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Wednesday 27 April 2016

Reviews: Tiles

Tiles: Pretending 2 Run (The Laser's Edge)

If you've never heard of Detroit natives Tiles before then get your head around these figures, Pretending 2 Run is their first studio album in 8 years, their sixth overall, it clocks in at massive 92 minutes over two discs, it was produced by long-time Rush producer Terry Brown and has the artwork designed by Hugh Syme who has also worked with the legendary Canadian band. Now if all of this doesn't scream prog then I'm afraid you are reading the wrong blog, Tiles are most definitely a prog band and one that I first was aware of on their last album Fly Paper (which had Alex Lifeson playing on it) since then I have worked retrospectively through their discography and I have gained a higher appreciation for their talent as a band. So it was with a lot of excitement that found out that they were finally releasing their follow up to Fly Paper. Tiles have always struck me as a mixture of Rush and Dream Theater, so they are following the age old tradition of prog double albums, due to the records length and varying styles there is always room for guests and Pretending 2 Run is no different with Jethro Tull mainman Ian Anderson, ex-Dream Theater/Winery Dog/Flying Colours man Mike Portnoy and his son Max, jazz guitarist Mike Stern, vocals from long term contributor Matthew Parmenter, bass from former Tiles and Artension man Kevin Chown, extra synths and programming from Steven Wilson alumni Colin Edwin and Adam Holzman as well as a string section and a choir to really add to the bombastic nature of this record.

Still with all the additional help on this record to give it the huge sound it needs to really create a soundscape, it's the four members of the band that work the hardest with Jeff Whittle and Chris Herin the major factors to the sound Whittle providing the intricate, jazz infected bass work, Herin the soaring guitar melodies, deft acoustics and towering solos with both of them sharing the keys (Herin also gives us a blast of trumpet too). Accompanying the two guitars is the impressive percussive talent of Mike Evans who is every song's anchor playing in such a way that when Portnoy takes over on Stonewall and Fait Accompli unless you know that it is him playing you wouldn't be aware, Evans is great drummer in his own right channeling Jazz and rock into his playing as well as the obvious nods to Peart. Finally once again Tiles' vocalist Paul Rarick gets to impress with his vocal power and his wide range that has elements of James La Brie but with a broader scope to it.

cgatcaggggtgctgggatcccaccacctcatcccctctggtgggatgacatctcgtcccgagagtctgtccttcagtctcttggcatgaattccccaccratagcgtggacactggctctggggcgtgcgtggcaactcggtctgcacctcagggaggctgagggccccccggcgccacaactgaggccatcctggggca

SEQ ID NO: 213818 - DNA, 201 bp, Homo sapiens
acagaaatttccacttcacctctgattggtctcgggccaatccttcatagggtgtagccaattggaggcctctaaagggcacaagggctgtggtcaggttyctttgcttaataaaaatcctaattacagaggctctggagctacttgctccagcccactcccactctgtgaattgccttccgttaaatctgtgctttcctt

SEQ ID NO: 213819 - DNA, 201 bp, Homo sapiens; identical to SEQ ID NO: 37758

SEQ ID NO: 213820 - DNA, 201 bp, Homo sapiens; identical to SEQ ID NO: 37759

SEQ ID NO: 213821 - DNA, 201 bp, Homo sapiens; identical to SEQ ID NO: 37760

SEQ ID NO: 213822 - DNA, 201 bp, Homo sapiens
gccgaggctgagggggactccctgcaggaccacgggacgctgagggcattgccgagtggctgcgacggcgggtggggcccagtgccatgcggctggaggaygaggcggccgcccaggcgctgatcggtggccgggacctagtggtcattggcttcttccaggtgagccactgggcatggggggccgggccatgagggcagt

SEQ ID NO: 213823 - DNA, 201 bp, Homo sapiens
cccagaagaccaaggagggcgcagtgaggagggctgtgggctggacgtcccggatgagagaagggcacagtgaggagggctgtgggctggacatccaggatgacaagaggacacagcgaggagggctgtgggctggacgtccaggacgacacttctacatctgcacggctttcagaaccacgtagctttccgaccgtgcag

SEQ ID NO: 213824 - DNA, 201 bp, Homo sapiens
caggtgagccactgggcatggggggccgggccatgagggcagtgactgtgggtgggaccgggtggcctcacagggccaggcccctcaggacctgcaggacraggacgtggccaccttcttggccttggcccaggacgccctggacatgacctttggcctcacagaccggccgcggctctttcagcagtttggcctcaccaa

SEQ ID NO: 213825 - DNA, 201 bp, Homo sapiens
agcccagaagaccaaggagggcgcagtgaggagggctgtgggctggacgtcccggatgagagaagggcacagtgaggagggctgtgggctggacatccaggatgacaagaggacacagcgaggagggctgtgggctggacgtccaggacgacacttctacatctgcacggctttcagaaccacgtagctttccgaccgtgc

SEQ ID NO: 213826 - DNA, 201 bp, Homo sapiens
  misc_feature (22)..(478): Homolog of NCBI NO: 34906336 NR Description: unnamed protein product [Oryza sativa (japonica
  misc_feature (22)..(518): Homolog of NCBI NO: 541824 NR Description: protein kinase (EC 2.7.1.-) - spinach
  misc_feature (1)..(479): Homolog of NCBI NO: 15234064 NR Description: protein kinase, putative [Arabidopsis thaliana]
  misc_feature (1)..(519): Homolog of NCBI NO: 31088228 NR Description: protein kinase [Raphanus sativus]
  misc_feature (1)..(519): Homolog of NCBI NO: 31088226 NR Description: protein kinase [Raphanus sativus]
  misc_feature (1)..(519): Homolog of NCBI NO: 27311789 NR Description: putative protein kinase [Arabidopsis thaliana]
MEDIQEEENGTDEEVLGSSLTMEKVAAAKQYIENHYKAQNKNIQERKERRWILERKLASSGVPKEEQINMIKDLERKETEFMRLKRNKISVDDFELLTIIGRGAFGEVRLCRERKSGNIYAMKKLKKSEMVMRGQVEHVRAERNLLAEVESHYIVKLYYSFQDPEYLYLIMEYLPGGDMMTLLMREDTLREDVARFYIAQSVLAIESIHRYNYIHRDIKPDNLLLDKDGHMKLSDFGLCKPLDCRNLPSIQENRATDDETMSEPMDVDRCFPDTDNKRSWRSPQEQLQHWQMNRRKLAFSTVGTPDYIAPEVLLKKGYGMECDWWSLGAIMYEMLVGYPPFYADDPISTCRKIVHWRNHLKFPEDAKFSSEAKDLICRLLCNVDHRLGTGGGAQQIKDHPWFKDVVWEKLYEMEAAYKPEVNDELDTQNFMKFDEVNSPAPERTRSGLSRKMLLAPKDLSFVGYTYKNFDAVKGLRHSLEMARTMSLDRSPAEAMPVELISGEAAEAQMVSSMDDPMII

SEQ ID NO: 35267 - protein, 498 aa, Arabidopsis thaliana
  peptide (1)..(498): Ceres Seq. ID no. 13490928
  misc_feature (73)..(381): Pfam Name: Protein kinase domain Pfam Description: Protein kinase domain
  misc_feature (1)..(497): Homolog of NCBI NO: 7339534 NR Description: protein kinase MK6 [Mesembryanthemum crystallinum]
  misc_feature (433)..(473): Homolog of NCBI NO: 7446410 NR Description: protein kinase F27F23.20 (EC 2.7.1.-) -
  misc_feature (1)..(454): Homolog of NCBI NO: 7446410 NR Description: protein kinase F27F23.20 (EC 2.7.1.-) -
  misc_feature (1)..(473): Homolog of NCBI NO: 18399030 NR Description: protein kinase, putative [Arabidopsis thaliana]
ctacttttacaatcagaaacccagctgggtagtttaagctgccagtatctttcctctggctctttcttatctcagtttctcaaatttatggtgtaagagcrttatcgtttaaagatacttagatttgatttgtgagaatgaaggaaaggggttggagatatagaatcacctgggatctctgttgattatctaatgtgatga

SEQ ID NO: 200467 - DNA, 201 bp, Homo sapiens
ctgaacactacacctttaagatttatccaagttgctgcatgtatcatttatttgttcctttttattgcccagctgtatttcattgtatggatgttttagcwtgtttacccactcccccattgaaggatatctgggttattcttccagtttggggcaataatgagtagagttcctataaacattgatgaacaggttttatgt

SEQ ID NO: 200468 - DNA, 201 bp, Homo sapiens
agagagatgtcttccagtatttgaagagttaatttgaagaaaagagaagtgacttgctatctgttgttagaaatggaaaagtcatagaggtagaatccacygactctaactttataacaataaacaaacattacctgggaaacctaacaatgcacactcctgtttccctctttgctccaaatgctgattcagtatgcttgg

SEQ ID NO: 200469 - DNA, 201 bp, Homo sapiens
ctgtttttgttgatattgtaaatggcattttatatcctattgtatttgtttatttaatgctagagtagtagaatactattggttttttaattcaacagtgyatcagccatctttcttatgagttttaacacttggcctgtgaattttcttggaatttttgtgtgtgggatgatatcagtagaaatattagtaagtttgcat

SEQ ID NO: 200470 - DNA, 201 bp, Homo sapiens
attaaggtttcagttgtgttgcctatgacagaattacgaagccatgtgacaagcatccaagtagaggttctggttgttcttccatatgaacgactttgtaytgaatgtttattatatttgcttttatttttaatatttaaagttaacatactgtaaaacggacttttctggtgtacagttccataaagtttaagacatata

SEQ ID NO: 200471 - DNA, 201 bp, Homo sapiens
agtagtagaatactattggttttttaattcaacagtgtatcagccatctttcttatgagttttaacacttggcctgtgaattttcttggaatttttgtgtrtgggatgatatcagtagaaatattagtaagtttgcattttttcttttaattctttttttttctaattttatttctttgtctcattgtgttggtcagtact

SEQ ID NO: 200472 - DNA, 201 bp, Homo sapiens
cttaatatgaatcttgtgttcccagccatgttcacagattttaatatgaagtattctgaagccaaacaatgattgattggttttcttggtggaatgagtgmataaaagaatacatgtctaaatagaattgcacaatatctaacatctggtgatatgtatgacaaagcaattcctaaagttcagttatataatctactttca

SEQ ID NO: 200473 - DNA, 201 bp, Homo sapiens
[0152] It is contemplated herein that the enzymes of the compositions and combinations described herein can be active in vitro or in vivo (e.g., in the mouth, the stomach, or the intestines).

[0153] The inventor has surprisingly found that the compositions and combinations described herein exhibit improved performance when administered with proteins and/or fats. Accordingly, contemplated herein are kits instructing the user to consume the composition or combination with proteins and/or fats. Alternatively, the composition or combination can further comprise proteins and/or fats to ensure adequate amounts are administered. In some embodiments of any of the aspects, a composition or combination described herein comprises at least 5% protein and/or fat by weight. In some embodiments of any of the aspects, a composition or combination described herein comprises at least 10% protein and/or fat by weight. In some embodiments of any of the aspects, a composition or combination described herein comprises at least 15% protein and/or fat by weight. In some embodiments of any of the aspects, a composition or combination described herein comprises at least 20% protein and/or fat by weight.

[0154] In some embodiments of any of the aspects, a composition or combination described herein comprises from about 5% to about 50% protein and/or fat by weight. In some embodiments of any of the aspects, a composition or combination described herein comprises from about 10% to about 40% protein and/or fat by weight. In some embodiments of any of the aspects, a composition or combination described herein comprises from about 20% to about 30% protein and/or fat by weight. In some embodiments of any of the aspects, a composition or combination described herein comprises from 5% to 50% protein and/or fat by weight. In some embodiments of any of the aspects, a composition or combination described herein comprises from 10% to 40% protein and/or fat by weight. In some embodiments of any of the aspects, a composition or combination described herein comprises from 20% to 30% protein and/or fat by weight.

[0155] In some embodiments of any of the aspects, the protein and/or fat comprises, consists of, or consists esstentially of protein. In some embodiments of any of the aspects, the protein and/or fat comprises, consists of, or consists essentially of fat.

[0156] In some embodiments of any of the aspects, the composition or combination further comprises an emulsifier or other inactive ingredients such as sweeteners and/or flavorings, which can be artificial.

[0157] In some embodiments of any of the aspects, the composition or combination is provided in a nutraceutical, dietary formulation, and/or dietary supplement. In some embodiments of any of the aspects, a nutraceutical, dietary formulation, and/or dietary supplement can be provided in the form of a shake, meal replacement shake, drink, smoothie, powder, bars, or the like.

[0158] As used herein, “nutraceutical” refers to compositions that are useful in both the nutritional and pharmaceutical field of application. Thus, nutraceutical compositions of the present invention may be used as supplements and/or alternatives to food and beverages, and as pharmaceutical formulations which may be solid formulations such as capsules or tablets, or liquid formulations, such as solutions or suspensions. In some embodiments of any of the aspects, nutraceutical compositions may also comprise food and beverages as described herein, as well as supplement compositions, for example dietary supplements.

The first disc doesn't ease you in, immediately you are confronted by complex instrumental pieces, rapid stylistic changes, dense levels of instrumentation, with the slow burning title track building up into the more Eastern influenced Shelter In Place and the classic rock of Stonewall. There are French inserts throughout linking things together meaning you really have to listen to the album to appreciate it, Drops Of Rain has a Beatles/Cheap Trick sound with a lot of cymbals, walking bassline and poppy guitars, this is juxtaposed with the previous instrumental the rougher Voir Dire and leads into the impressive 10 minute plus Taken By Surprise which is followed Refugium which can only be described as Chamber Music, then the first disc ends with Small Fire Burning and the listener has already run a gamut of sounds before even getting to the more free flowing second album.

With the first being more like a classic Tiles record, the second has more tracks at shorter lengths, meaning there is more of collective sound as one song segues into the next, with intermezzos and transitions the order of the day. It starts with the Afro-beat Midwinter which builds traditional wind instruments on top of dark electro, much like the pre and post So Peter Gabriel sound, second song Weightless is the longest song on the second disc and brings the King Crimson-like prog vibe with the liberal use of sax abound and a huge chorus, while Battle Weary is a more laid back folky affair, Meditatio is another chamber song that moves into a bubbling synth track that explodes into the ELP-style The Disappearing Floor. Pretending 2 Run is a progressive masterpiece, it may be overwhelming for some but after a few listens the 90 plus minute album drip feeds you it's secrets meaning that every time you listen you hear something new and interesting, with so many great prog albums this year already, Pretending 2 Run could possibly be the best. 10/10       

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